A term you will hear a lot in nursing school is “the interdisciplinary team.” It wasn’t until I was working as a nurse in the ICU that I truly understood the importance of this team, who it entails, and the roles of everyone involved.

So in this article, we’ll be talking about the key components of the interdisciplinary team and how or when you would utilize each one of these team members for your patient.

Nursing Team Members

RN: The RN is the coordinator of care for the patient. It is the RN’s role to assess the patient, implement MD orders, and perform nursing interventions to move the patient toward achieving their goals…all while ensuring patient safety and taking steps to avoid complications.

LVN/LPN: The LVN/LPN has similar duties as that of an RN, and the scope of practice can vary greatly state-to-state. In some states, the LVN/LPN may be supervised by an RN. To see the scope of practice for LVN/LPNs in your state, simply google “LPN scope of practice _____” and type in your state.

Case Manager: One of the key roles of the case manager in the clinical setting is to start working on the patient’s discharge needs as soon as they are admitted. Will they need to go to a skilled nursing facility or rehabilitation? Will they need specific equipment at home or even a home health nurse? In addition, case managers work with patients to develop long-term plans for managing chronic conditions in hopes of avoiding frequent hospitalizations. They also act as a liaison between patients and insurance providers as a way to optimize patient care while also controlling costs.

  • Example of when to call the case manager RN: In most cases, the patient will have a case manager from the outset if one is needed. But if your patient, who is about to be discharged with both arms in casts, says “I live alone, I have no support system and I am the sole caregiver for my children,” you’re going to be calling the case manager to ensure the patient gets what they need for a safe and timely discharge.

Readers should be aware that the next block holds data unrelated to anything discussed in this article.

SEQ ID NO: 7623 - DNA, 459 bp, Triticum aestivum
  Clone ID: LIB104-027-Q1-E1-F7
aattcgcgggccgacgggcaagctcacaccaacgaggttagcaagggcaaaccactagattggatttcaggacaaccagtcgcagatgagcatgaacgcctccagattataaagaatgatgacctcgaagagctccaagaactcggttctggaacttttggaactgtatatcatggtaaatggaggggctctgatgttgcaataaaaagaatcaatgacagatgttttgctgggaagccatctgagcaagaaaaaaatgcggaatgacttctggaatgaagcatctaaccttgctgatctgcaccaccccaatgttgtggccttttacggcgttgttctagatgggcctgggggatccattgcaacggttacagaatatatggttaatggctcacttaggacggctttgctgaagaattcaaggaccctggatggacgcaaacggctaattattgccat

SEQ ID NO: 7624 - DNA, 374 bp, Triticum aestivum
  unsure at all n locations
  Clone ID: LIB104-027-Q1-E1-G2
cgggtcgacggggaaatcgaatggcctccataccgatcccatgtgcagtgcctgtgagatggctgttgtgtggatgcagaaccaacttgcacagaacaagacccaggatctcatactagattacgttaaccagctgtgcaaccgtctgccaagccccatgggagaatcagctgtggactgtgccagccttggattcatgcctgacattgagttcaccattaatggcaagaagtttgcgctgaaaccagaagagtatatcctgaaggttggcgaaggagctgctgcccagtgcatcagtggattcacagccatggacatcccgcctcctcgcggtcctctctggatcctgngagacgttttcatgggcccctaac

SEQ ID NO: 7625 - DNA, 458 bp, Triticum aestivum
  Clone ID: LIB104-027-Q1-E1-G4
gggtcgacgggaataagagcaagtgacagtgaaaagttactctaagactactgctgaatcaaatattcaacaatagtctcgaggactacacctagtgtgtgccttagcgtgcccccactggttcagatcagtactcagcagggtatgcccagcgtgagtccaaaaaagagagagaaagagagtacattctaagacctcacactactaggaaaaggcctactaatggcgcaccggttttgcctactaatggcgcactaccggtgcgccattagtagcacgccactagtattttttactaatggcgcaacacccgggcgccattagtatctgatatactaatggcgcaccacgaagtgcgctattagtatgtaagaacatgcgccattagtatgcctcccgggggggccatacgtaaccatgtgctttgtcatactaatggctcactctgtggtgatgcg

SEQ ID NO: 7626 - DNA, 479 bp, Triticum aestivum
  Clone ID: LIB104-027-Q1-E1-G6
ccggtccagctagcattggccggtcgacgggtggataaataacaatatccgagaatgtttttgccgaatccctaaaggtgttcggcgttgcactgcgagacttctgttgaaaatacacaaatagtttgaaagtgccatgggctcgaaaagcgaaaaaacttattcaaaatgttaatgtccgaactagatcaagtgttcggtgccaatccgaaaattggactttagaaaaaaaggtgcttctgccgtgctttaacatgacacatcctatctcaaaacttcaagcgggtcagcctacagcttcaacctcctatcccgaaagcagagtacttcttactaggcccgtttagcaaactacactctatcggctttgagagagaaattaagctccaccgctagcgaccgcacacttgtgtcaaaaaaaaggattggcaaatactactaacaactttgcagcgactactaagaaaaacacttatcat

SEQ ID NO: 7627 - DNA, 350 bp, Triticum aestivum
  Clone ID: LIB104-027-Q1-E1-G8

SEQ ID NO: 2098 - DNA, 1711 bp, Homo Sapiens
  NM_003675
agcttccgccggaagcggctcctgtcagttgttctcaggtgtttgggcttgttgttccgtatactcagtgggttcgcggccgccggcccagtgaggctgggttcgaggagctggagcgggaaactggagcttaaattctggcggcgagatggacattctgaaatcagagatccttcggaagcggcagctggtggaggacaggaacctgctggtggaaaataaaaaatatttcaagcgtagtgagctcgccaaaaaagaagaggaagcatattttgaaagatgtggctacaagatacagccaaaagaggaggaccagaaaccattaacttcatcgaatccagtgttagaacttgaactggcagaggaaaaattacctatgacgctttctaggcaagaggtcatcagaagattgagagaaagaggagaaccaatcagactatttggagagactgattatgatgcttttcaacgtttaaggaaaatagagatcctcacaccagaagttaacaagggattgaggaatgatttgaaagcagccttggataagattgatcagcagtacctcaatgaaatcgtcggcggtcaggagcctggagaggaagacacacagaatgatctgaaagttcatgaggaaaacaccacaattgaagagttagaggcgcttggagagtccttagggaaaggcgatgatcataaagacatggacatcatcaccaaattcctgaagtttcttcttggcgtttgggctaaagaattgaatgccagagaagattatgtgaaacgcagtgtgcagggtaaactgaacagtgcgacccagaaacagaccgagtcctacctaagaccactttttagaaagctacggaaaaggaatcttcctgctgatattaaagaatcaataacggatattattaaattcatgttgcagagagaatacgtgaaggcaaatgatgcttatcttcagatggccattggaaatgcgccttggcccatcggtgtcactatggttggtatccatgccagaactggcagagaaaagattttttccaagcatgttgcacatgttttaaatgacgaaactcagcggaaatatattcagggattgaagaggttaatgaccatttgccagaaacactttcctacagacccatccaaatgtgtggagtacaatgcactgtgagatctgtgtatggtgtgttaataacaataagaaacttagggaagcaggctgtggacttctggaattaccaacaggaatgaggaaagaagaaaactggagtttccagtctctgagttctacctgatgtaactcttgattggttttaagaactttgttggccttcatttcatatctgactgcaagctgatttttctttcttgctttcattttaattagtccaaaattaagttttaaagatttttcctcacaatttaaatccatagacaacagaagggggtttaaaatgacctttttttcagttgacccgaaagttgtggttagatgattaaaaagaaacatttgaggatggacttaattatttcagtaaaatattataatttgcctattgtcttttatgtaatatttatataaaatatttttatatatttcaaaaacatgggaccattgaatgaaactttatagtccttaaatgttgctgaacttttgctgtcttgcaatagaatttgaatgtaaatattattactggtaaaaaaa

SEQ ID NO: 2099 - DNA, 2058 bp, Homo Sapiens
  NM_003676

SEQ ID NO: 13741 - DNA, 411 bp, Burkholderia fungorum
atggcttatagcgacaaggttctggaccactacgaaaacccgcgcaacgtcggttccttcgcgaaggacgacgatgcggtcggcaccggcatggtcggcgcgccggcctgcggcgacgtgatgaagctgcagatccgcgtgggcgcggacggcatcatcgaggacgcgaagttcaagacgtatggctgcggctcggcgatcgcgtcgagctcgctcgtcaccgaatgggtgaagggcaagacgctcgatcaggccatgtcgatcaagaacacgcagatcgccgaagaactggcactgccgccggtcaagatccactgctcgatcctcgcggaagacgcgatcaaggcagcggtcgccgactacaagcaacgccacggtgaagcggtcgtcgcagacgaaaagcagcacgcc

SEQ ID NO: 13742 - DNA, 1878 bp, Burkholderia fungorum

Palliative Care RN: These nurses work with patients to ensure pain relief and comfort are top priorities of care. Often confused with hospice care, palliative care can include curative treatment for the patient.

  • Example of when to call the palliative care RN: A typical situation is a patient who is critically ill who has a very poor prognosis. The palliative care RN can talk through options with the family, educate them on the role of palliative care and hospice, act as a case manager for issues surrounding end of life, and provide resources and guidance with complex decision making.

Hospice RN: Similar to the palliative care RN, hospice nurses work to provide comfort and pain relief at end of life. The key difference is hospice patients are not pursuing curative treatments of any kind. Some patients will receive hospice care inside the hospital (if symptoms cannot be managed at home), but most go home or to a skilled nursing facility. The hospice RN works to ensure the family and patient have the necessary items needed for their care at home, such as hospital beds, oxygen (if using) and medications.

  • Example of when to call the hospice RN: The patient or DPOA no longer desire to pursue treatment and wish to take the patient home or shift the plan of care to comfort measures only.

Stroke Coordinator RN: Hospitals that are Designated Stroke Centers will have a nurse who works to ensure stroke protocols and best practices are followed on all stroke patients.

  • Example of when to call the stroke RN: Most likely you won’t have to. They’ll call you to ask you the patient’s NIH score (among other things). They’re incredibly valuable resources and so very knowledgeable about stroke care. Count yourself lucky if your hospital has a dedicated stroke RN.

WOCN: The wound-ostomy-continence nurse is a specially trained nurse in all things wounds and ostomies. These RNs develop protocols for pressure ulcer prevention, stage pressure ulcers and develop plans of care for patients who have pressure injuries. They also work with patients who have ostomies and do a lot of patient education for new ostomates.

  • Example of when to call the WOCN: A common scenario is the development of a new pressure injury or you have a newly admitted patient who comes in with an existing wound. If your patient has a new ostomy, the WOCN will already be consulted. For an existing ostomy, you may need to call them for complex issues such as skin breakdown around the ostomy site.